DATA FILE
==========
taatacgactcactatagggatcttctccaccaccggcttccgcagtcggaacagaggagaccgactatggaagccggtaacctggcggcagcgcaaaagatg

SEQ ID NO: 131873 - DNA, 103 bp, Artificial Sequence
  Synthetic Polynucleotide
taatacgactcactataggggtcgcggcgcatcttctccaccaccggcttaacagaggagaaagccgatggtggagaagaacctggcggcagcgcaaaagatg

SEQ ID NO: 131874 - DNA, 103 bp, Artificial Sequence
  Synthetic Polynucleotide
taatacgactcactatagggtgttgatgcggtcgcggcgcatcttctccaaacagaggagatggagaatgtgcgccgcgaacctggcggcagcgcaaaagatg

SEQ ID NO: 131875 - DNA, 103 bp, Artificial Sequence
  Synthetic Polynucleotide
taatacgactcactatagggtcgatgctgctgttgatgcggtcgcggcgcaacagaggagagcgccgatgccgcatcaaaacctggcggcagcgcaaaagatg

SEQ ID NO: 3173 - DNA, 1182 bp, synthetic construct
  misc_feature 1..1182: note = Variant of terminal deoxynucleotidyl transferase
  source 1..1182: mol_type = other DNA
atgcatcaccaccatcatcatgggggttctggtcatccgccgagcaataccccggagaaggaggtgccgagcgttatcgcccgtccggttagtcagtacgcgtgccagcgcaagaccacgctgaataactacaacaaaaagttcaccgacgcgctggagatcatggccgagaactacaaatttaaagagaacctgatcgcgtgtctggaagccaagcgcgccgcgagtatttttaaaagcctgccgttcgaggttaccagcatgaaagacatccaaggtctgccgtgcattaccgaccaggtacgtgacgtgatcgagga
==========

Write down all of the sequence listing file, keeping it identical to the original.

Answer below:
taatacgactcactatagggatcttctccaccaccggcttccgcagtcggaacagaggagaccgactatggaagccggtaacctggcggcagcgcaaaagatg

SEQ ID NO: 131873 - DNA, 103 bp, Artificial Sequence
  Synthetic Polynucleotide
taatacgactcactataggggtcgcggcgcatcttctccaccaccggcttaacagaggagaaagccgatggtggagaagaacctggcggcagcgcaaaagatg

SEQ ID NO: 131874 - DNA, 103 bp, Artificial Sequence
  Synthetic Polynucleotide
taatacgactcactatagggtgttgatgcggtcgcggcgcatcttctccaaacagaggagatggagaatgtgcgccgcgaacctggcggcagcgcaaaagatg

SEQ ID NO: 131875 - DNA, 103 bp, Artificial Sequence
  Synthetic Polynucleotide
taatacgactcactatagggtcgatgctgctgttgatgcggtcgcggcgcaacagaggagagcgccgatgccgcatcaaaacctggcggcagcgcaaaagatg

SEQ ID NO: 3173 - DNA, 1182 bp, synthetic construct
  misc_feature 1..1182: note = Variant of terminal deoxynucleotidyl transferase
  source 1..1182: mol_type = other DNA
atgcatcaccaccatcatcatgggggttctggtcatccgccgagcaataccccggagaaggaggtgccgagcgttatcgcccgtccggttagtcagtacgcgtgccagcgcaagaccacgctgaataactacaacaaaaagttcaccgacgcgctggagatcatggccgagaactacaaatttaaagagaacctgatcgcgtgtctggaagccaagcgcgccgcgagtatttttaaaagcctgccgttcgaggttaccagcatgaaagacatccaaggtctgccgtgcattaccgaccaggtacgtgacgtgatcgagga